Diriyah, Saudi Arabia

The epic scale and historical significance of the ancient city of At-Turaif come to life after dark in a beautifully layered and nuanced tapestry of golden light.
Diriyah Company
Installation and Equipment
Martin Professional, Enpro
Allan Toft/ Martin Professional
Project team
Keith Bradshaw, Adrien Flouraud, Iain Ruxton, James Fuentes McGreevy

Light articulates the stories hidden in the layers of buildings, courtyards, and archaeological remnants, capturing and reflecting the site's extraordinary spirit and creating a remarkable experience of a living national monument.

The first capital of the Saudi state and UNESCO World Heritage site dates from the 15th century. Located on a raised site at the edge of the ad-Dir'iyah oasis, in the heart of the Arabian Peninsula, it includes the remains of many palaces and an urban settlement. 

Exploring the vast and complex network of ancient mud-brick structures, the city feels almost as if it has evolved from the earth rather than been constructed.”

Drawing on our experience of working on several exceptional sites, including the Sheikh Zayed Grand Mosque in Abu Dhabi and the Dom Tower in Utrecht, our design uses light as a narrative tool to convey the stories and memories that live within this unique site, creating a meaningful connection between people, place and architecture. 

We amplified this extraordinary sensation of stepping into another time and place, animating the subtle tonal variations in the natural materials to feel as if they are lit by flickering torch light.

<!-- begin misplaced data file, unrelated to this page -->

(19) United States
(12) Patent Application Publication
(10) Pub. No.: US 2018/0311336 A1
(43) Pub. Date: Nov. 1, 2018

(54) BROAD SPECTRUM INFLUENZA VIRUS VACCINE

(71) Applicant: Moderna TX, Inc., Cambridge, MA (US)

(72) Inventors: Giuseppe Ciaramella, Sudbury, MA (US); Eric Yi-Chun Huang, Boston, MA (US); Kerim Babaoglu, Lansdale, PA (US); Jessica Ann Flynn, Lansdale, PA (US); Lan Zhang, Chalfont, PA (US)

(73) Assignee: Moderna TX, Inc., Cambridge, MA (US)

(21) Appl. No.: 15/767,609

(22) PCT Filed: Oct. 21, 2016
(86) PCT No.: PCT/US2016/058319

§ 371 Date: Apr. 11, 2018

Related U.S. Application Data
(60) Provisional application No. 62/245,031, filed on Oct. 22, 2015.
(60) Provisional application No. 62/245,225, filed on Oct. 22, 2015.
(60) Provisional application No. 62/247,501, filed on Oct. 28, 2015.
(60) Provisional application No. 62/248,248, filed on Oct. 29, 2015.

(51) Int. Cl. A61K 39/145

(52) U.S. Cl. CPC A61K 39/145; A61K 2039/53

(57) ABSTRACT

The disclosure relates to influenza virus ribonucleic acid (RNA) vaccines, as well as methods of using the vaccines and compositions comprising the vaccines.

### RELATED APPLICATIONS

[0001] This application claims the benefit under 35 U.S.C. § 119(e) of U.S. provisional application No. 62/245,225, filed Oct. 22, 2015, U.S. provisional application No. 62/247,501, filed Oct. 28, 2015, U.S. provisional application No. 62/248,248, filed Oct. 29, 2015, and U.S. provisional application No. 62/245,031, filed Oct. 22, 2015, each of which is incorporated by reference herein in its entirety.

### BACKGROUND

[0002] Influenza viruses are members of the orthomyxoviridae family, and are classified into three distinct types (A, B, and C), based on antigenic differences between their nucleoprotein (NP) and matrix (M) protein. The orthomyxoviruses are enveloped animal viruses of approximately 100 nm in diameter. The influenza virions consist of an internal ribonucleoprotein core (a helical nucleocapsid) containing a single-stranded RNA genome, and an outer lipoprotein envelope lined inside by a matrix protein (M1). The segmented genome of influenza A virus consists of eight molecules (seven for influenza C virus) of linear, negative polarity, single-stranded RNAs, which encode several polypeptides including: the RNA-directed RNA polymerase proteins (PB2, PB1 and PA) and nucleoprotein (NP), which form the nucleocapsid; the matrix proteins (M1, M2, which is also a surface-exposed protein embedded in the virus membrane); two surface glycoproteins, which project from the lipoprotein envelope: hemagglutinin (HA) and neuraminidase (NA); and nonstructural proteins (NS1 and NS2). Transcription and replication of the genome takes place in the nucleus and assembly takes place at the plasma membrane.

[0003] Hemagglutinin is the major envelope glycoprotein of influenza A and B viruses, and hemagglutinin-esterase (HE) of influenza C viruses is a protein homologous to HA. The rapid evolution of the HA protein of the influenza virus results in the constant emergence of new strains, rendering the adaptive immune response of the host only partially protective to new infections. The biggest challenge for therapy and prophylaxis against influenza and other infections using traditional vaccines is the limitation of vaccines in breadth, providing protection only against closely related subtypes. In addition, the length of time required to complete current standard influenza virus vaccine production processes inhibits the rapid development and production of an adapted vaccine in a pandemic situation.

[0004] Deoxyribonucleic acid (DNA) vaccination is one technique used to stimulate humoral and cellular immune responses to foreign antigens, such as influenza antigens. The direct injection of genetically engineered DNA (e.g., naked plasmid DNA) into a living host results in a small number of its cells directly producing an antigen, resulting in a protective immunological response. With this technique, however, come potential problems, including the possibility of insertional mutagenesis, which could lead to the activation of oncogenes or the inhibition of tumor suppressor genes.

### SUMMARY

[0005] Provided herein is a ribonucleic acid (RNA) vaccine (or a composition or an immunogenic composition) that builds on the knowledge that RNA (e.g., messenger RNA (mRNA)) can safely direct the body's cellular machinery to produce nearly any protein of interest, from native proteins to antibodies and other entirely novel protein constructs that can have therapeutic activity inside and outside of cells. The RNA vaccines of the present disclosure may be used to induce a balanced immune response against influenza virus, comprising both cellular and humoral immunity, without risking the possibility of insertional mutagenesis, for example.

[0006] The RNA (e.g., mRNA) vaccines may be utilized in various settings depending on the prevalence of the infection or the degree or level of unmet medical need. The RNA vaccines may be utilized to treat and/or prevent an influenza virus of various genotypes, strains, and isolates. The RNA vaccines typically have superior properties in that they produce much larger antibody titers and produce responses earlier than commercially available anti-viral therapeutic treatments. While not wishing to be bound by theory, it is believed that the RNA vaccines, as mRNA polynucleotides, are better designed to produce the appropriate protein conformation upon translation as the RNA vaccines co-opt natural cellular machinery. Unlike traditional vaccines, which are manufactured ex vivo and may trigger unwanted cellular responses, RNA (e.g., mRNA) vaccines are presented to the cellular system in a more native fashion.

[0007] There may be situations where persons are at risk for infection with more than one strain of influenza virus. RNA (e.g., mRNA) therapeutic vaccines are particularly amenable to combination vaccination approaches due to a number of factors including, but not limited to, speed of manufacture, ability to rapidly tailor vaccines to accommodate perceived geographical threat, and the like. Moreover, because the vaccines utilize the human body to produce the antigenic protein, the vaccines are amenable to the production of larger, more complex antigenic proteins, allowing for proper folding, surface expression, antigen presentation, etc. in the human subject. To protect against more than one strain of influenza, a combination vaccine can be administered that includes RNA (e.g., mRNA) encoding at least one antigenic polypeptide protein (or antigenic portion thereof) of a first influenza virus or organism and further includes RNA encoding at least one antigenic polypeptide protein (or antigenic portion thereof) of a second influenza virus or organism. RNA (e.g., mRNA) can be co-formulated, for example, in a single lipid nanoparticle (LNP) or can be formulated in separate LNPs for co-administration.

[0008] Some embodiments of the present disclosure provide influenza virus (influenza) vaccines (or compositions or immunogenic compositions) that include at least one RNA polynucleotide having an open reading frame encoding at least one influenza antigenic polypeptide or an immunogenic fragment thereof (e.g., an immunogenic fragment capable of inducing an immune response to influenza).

The exact shade of golden light allows the mud-brick walls to glow in a beautiful, natural, and appropriate way.

Our extensive experience in city light master planning was instrumental in managing the sheer scale of the project. In its raised position, the site is the primary focal point in the landscape when viewed from the developing Diriyah Gate across Wadi Hanifah. 

Having identified the surfaces, facades, streets, and courtyards that shape the site's most important views and experiences, we extensively modelled how light could articulate the site and enrich the experience of it after dark.

Using a palette of differing light intensities, the richly interwoven tapestry of layers and zones helps locals and visitors understand and appreciate how the site works, while equally revealing the beauty within the detail.

Stepping outside the walls, the site’s visual identity is spectacular, befitting it’s significance.

Preserving a sense of authenticity, stylised shields help to conceal most of the light sources from view and pre-existing lighting equipment has been removed from the site. Simple lanterns are stylistically sympathetic to the Nadji architecture.

The design includes a special activation that reflects the importance of the lunar calendar in the Muslim faith. Each month, celebrating the new moon, the lighting shifts to a shade of blue externally, with warm light within.

As archaeological work progresses on site and more remnants of the wider city are uncovered, we are continuing to work with the client team, helping to highlight and aid the interpretation of these elements in the project context.